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Facilitating E-Commerce at the State and Local Levels: High Technology Meets (and Perhaps Depends on) the Old

by

Michael D. Meyer, Ph.D., P.E.
School of Civil and Environmental Engineering
Georgia Institute of Technology


Information Technologies and Influence

virtual communities
cyber cities
cyberopolis
infocities
telecommunities
network cities
digital places


Virtual communities that networks bring together are often defined by common interests rather than by common location...the story of virtual communities so far, is urban history replayed in fast forward...but with computer resource use playing the part of land use, and network navigation systems standing in for streets and transportation systems...as more and more business and social interactions shift into cyberspace, we are finding that accessibility depends even less on propinquity, and community has come increasingly unglued from geography.

[Mitchell, 1999]


The old demarcation between work and home will evaporate...in its place will be a shift in the location of work, a new role for cities, a new role for the home, and reshaped communities...In half a century's time, it may well seem extraordinary that millions of people once trooped from one building (their home) to another (their office) each morning, only to reverse the procedure each evening...All this might strike our grandchildren as bizarre.

[Cairncross, 1996]


10 U.S. Cities Most Likely to Benefit From the Internet (Stephen Roulac, 2000)

New York, San Jose, San Francisco, Los Angeles, Boston, Seattle, Atlanta, Chicago, Miami and D.C.

Why?

"these cities are able to attract the talent"

"sense of place, beauty in the natural environment, transportation system, 24-hour city with mixed uses/mixed activity/diversity"


Sommers and Carlson, The Brookings Institution

"Ten Steps to a High Tech Future"

Location decisions for high tech players varied by sector

High tech manufacturers: suburban industrial parks due to cost factors and future expansion

New telecommunications, internet content, and e-commerce companies: downtown locations for the "infrastructure" and competitive advantage in hiring talent

Biotechnology firms: near research institutions and hospitals


Ten Steps to a High Tech Future


Hal Cohen

"Like anything else, high tech requires infrastructure, and like any infrastructure, the new tends to go right where the old was as economic logic says to minimize risk by investing in already dominant areas...new telecom infrastructure like fiber optic is run between the same important info hubs that already dominate via copper connections, often on rights-of-way of even older infrastructure such as railroads and highways, reinforcing those networks' traditional, city-centric organization of space."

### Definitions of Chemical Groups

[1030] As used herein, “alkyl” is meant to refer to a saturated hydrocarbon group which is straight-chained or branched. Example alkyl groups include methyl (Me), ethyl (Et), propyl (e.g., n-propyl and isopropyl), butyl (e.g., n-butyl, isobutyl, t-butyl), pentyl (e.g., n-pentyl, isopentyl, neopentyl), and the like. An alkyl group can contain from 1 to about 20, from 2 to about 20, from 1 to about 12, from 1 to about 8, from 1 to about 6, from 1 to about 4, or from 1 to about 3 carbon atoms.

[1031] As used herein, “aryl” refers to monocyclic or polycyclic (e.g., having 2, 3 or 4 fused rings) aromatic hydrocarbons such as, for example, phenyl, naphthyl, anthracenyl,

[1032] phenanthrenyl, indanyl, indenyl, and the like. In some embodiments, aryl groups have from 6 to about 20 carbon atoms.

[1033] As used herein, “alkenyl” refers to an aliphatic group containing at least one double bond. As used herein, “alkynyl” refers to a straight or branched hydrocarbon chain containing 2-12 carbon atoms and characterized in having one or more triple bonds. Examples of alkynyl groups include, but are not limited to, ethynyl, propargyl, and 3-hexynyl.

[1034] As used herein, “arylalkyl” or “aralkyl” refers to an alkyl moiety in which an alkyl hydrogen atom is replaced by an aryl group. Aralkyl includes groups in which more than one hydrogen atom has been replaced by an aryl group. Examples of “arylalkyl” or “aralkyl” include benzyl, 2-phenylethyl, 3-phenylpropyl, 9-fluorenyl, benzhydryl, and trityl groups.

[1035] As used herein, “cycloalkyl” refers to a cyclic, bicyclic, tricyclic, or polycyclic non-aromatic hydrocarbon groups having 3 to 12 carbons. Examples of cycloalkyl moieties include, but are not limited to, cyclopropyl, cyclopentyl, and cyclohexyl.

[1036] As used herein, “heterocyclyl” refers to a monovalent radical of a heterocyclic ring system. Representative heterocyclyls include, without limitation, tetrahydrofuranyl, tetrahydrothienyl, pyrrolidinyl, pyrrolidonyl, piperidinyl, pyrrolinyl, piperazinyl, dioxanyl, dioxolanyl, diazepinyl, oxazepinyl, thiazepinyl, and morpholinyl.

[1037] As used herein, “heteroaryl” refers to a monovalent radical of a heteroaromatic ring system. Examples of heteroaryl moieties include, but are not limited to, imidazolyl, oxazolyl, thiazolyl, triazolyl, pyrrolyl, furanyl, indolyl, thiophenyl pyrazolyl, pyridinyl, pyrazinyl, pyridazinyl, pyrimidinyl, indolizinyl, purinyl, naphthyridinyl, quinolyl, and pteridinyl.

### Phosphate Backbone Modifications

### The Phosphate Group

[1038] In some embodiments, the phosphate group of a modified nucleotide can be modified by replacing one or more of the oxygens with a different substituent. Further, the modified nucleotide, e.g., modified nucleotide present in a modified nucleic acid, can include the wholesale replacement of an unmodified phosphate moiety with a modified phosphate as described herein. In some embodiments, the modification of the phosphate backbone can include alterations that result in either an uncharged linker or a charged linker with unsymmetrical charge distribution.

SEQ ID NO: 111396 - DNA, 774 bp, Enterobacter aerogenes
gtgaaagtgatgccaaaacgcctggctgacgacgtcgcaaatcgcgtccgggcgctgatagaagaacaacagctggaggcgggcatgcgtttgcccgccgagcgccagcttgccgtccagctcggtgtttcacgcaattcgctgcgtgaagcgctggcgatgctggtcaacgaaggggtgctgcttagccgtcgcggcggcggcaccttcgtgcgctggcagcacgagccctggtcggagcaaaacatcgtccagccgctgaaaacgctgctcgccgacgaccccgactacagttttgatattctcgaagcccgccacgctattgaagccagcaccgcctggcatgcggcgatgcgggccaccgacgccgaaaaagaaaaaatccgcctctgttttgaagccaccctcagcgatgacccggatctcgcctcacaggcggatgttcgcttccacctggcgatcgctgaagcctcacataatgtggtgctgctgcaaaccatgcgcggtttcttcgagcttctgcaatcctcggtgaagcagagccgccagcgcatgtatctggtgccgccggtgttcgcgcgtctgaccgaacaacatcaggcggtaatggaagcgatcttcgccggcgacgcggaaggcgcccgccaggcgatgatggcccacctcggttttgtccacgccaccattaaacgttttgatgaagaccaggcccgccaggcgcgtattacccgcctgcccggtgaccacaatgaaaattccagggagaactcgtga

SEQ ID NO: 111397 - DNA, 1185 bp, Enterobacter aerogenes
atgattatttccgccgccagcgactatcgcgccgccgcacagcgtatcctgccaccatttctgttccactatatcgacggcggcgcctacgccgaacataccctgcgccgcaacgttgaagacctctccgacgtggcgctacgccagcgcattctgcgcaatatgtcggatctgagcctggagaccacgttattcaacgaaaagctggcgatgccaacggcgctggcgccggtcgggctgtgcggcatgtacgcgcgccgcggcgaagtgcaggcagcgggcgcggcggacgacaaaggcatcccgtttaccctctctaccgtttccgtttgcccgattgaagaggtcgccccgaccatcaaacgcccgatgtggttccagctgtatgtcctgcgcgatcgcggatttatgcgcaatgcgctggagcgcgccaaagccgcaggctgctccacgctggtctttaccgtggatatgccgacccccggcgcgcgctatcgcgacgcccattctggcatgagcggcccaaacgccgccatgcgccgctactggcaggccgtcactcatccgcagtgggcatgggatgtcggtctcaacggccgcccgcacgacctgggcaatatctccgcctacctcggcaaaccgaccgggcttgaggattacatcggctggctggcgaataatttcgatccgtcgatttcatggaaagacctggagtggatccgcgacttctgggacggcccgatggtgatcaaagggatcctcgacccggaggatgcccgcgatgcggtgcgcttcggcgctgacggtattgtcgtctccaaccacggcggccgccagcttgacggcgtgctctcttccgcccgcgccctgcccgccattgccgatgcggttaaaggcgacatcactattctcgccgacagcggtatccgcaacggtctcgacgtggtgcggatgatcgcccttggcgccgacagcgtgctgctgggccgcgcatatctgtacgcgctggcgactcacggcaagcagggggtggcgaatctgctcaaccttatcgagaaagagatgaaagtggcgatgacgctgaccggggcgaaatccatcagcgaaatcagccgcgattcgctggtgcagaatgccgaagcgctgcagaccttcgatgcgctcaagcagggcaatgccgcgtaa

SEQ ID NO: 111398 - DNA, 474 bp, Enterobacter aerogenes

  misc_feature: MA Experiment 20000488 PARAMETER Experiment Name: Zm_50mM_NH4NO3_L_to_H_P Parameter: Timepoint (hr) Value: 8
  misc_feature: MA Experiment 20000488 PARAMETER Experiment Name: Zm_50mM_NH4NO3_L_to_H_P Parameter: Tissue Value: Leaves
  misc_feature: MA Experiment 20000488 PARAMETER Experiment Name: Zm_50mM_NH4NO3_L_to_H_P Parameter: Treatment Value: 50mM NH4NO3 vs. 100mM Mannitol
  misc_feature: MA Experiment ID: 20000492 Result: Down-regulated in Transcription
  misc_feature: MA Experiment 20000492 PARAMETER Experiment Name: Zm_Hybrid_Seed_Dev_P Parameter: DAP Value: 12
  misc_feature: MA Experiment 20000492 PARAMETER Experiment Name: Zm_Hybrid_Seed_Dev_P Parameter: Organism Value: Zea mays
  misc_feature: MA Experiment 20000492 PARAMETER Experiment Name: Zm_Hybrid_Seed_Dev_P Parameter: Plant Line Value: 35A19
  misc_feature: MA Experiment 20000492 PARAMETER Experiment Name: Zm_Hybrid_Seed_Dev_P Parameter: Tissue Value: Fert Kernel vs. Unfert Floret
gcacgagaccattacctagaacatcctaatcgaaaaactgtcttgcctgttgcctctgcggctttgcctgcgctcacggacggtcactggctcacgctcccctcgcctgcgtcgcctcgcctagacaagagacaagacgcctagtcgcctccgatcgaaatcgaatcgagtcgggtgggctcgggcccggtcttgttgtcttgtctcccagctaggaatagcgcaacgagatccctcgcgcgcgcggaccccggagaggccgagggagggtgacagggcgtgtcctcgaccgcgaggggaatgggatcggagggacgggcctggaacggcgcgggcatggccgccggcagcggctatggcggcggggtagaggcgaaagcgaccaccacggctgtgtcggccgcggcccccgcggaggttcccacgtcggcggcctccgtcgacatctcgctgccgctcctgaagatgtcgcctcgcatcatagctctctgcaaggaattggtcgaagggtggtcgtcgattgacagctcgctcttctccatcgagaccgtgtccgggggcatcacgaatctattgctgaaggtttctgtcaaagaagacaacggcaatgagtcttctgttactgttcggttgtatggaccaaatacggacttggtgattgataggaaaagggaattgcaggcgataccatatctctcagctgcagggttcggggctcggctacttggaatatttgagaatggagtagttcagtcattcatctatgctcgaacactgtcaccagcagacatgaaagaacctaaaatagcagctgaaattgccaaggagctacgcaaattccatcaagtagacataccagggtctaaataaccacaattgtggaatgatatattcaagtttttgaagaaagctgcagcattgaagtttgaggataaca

Mitchell Moss

"The future is much more like Silicon Valley or San Francisco where firms engaged in the same activities thrive by being next to each other, where they can access each other's products and labor forces."


This implies that enhancing the transportation system as part of a metropolitan strategy to improve quality of life and promote the livability of urban places directly fits into a strategy of encouraging e-commerce and high tech development


SMART GROWTH (ITE SPECIAL ISSUE)


What about business transportation?

Five major economic trends have affected the nature of business transportation requirements:


Average Daily Number of Trips by Vehicle Type

Vehicle Type

N

Mean

Light-Duty Trucks

991,233

4.99

Medium-Duty Trucks

91,060

9.96

Heavy-Duty Trucks

231,112

4.83

Base: All trips, including vehicles that made no trips on travel day (weighted).

Comparison of Weighted Daily Truck Trips.

City

Mean

Atlanta

6.88

San Antonio, TX

8.27

Phoenix, AZ

7.70

Winston-Salem / High Point / Greensboro, NC

7.40


Commercial Trips by Land Use Destination

bar graph comparing commercial trips by land use destination


Average Total Daily Mileage by Commercial Vehicle Type

bar graph comparing average total daily mileage by commercial vehicle type


Average Trip Length (miles) by Commercial Vehicle Type

bar graph comparing average trip length in miles by commercial vehicle type


bar graph comparing time of day to percentage


E-business and freight movement


Important Emerging Issues


Examples

Brownfield intermodal freight infrastructure in northern New Jersey

Global freight village

Commuter rail package dropoff

New warehousing next to international airport

Package delivery distribution/collection facility within one block of rail intermodal facility

Truck-only facilities

Curb management strategies


Conclusions

The transportation system plays an important part in "completing the transaction."

Terminal capacity, location and operations that allow integrated product movements across modes are critical business decisions in providing the most cost efficient delivery of services.

Proximity of e-commerce activities suggests an important supporting role for good transportation


Transportation Planning Issues Over Time 1962-2000

Transportation Planning Issues Over Time

Updated: 03/31/2011
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